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Gardening Articles: Care :: Pests & Problems

The New Easy Apples

by Jack Ruttle

Growers survey their ripening crop of scab-resistant 'Redfree' apples

As any fastidious backyard apple grower knows, it's a lot of work to bring in a bountiful and healthy crop. In some regions 10 or more sprays are necessary each season. Insect pests still require spraying in most areas, but apples are mainly sprayed to prevent disease, primarily scab. Ignore insect pests and you'll lose fruit. Neglect the diseases and you risk more than just the crop: Tree health suffers. So eliminate the disease problem and apples instantly become much easier. In many parts of the country you can now bring in a prime crop of new disease-resistant varieties with no fungicides at all. At most you'll need two or three insect sprays, applied many weeks before harvest.

The quest for disease-free apples began in 1907 at the University of Illinois. But it wasn't until 1943 that researchers found a source of immunity to scab in a crabapple. The first scab-free variety tasty enough to merit release, 'Prima', came in 1970.

By the end of the 1970s, a dozen scab-immune varieties were available. But very few commercial apple growers or gardeners made the switch, in part because good ideas are often slow to catch on. Most gardeners stuck with their old favorites. There just wasn't enough flavor variety to satisfy apple lovers. After all, why add one or two disease-free apples to an orchard of older varieties that still requires disease control?

Moreover, a fair number of the new varieties were 'McIntosh' wannabes. 'McIntosh', a big-money variety in the Northeast, is very scab susceptible. Researchers wanted a substitute badly. But none tasted as good, and most grew best only in the Northeast.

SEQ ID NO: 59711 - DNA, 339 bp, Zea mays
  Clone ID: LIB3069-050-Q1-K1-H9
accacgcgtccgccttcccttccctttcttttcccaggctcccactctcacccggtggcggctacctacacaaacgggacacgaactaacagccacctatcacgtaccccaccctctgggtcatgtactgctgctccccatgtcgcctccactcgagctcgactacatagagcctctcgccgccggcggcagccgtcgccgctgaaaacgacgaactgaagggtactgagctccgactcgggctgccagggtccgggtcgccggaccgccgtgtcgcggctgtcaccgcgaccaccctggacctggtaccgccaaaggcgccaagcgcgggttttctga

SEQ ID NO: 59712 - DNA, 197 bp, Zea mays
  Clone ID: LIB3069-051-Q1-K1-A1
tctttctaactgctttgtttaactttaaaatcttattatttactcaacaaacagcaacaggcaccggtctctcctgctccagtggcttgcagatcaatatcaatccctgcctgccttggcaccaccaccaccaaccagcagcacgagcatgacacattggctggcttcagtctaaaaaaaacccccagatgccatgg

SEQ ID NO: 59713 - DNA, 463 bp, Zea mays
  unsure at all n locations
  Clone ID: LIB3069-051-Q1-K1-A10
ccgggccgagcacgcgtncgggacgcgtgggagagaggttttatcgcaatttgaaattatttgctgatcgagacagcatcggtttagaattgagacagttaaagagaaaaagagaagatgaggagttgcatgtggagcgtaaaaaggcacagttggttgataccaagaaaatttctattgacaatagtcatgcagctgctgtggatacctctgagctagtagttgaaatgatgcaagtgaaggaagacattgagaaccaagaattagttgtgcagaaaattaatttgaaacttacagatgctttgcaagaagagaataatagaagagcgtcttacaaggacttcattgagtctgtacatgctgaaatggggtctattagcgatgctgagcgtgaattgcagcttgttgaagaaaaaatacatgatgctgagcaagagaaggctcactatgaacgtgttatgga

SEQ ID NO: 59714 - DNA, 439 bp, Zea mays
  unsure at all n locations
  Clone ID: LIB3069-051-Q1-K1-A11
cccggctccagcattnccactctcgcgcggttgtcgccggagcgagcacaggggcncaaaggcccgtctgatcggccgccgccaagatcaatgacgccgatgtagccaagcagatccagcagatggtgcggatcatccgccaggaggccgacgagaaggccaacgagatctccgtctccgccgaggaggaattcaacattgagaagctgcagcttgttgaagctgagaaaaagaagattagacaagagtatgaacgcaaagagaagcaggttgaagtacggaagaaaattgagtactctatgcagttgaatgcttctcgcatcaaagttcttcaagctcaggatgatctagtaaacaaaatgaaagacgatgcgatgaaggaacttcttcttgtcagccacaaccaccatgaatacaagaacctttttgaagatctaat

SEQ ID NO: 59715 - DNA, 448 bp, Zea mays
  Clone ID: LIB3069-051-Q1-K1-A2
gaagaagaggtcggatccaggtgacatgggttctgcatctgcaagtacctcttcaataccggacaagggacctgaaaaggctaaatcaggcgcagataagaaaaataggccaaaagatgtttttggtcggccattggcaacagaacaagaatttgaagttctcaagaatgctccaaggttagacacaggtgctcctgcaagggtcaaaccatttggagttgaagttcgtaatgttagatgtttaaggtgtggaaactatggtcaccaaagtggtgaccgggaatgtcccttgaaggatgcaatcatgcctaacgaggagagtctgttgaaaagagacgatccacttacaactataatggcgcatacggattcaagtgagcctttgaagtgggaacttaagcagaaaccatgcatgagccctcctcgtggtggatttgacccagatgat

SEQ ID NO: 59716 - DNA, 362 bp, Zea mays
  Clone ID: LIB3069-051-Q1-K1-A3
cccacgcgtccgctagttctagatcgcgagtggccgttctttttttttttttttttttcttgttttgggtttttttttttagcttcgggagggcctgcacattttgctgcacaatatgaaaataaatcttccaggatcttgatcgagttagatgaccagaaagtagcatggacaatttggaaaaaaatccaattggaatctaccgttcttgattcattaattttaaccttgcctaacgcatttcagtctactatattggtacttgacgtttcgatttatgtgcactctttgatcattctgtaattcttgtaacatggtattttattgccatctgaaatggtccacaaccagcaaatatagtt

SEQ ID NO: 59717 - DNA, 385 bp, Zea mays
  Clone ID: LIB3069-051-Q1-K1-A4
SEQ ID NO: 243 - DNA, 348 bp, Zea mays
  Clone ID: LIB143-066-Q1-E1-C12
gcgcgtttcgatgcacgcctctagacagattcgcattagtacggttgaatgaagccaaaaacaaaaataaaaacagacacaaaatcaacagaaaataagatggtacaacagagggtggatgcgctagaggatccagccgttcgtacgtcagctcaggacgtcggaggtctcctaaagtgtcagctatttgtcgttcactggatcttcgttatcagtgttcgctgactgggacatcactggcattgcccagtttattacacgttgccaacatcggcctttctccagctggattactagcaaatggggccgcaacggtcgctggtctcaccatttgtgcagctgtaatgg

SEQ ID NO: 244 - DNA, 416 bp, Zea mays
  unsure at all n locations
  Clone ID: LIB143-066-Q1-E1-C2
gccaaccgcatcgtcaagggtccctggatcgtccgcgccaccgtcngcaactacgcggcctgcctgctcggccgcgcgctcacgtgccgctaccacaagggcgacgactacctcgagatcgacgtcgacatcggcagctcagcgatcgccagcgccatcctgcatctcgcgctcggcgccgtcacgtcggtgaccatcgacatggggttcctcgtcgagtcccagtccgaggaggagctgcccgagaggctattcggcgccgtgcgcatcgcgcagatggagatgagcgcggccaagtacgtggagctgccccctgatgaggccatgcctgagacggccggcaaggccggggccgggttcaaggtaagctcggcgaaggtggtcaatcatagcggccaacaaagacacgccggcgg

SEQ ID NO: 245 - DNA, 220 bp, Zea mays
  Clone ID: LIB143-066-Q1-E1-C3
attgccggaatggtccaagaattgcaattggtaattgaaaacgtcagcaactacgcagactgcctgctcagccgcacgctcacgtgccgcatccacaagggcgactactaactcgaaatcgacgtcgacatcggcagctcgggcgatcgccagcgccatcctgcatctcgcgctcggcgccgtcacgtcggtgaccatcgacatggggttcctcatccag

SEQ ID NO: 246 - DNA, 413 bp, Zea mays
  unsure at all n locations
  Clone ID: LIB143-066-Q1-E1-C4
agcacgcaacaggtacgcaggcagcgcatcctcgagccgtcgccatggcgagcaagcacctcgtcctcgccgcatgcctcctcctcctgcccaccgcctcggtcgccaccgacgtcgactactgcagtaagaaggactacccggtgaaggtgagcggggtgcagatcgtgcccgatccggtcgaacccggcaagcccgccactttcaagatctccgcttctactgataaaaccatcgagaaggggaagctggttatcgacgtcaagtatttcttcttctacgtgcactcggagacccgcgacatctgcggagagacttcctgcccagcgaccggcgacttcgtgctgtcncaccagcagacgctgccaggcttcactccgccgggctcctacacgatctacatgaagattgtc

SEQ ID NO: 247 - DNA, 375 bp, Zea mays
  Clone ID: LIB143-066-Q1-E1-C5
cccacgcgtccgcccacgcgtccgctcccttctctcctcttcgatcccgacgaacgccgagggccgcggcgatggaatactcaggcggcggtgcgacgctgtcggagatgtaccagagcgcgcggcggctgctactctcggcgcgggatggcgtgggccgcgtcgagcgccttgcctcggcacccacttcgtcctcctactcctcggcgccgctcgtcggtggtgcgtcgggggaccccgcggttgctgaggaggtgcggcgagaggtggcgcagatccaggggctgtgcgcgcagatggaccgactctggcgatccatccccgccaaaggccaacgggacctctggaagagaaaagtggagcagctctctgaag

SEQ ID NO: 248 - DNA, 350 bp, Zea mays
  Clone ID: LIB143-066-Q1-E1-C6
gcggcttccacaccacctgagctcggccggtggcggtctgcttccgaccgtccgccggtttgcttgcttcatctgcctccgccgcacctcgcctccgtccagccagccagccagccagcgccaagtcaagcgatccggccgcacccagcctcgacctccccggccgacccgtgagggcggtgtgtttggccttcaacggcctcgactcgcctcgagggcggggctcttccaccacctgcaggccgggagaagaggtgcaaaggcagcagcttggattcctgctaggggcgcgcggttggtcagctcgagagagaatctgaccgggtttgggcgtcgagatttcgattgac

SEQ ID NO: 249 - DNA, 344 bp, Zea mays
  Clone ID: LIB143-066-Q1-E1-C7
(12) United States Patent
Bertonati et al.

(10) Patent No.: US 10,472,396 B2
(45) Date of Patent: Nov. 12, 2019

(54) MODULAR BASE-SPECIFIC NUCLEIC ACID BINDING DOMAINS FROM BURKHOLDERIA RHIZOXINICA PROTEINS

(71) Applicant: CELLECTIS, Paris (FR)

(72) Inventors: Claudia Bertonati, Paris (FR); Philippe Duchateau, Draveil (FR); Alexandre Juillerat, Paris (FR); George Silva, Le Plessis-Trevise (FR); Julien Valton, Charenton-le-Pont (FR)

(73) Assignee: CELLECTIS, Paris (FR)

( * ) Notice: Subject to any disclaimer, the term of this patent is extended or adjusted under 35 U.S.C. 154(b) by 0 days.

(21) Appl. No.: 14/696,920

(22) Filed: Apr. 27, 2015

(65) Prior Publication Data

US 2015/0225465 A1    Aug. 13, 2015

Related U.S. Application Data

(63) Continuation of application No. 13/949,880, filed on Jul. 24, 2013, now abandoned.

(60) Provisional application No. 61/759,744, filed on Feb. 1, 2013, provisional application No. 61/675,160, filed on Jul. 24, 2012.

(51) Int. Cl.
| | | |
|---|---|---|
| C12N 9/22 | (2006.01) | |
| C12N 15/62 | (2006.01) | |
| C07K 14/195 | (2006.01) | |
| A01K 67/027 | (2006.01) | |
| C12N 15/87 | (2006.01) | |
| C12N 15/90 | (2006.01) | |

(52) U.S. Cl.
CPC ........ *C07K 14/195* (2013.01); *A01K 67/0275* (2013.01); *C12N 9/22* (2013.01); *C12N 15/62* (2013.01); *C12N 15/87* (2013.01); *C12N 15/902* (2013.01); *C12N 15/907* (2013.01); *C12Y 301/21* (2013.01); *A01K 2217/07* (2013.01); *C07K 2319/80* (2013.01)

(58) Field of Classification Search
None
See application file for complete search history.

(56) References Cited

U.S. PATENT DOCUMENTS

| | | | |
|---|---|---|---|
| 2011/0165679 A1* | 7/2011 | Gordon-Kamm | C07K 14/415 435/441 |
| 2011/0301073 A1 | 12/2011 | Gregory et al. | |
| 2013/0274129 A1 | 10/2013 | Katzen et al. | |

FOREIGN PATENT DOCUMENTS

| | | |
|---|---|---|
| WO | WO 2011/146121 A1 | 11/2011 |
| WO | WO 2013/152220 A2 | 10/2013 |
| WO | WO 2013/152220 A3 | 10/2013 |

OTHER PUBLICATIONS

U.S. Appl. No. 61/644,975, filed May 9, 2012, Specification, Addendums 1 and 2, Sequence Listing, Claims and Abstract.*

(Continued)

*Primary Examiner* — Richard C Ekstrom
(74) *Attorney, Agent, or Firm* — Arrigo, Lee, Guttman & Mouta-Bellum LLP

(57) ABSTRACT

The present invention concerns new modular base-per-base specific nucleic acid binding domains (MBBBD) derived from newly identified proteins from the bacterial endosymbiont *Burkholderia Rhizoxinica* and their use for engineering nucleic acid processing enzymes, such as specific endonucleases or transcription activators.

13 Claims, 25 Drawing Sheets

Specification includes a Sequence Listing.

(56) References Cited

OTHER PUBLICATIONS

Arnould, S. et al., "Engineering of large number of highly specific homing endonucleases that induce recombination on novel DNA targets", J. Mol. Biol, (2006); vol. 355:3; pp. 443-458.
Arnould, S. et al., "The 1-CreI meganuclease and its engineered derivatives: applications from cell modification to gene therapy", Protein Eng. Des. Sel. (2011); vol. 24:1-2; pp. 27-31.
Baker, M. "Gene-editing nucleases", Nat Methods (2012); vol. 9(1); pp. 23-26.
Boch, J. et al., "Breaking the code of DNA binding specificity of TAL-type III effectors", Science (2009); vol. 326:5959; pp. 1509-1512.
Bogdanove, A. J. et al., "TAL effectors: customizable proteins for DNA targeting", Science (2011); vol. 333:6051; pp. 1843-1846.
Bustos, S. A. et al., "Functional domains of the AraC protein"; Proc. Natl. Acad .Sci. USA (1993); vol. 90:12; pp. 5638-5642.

Now the second wave of scab-free apples, introduced in the '80s and '90s, is changing attitudes. 'GoldRush', which just became available this year, is getting rave reviews, not only for its rich and exotic flavor but also for its superb keeping ability. It will last in prime condition for more than seven months in cold storage. In taste tests it has equaled hot new varieties like 'Braeburn' and 'Fuji'. One enthusiast likened it to the powerfully flavored Esopus Spitzenburg, Thomas Jefferson's favorite apple and a benchmark among connoisseurs. 'Pristine', which will be available for the first time in the spring of 1995, has an exceptional sweet/tart taste and is extra early (ripening with the last raspberries and the first peaches). Now, with a wealth of different flavors and ripening times from which to choose, gardeners can plant exclusively disease-resistant varieties, and forget about disease sprays for good.

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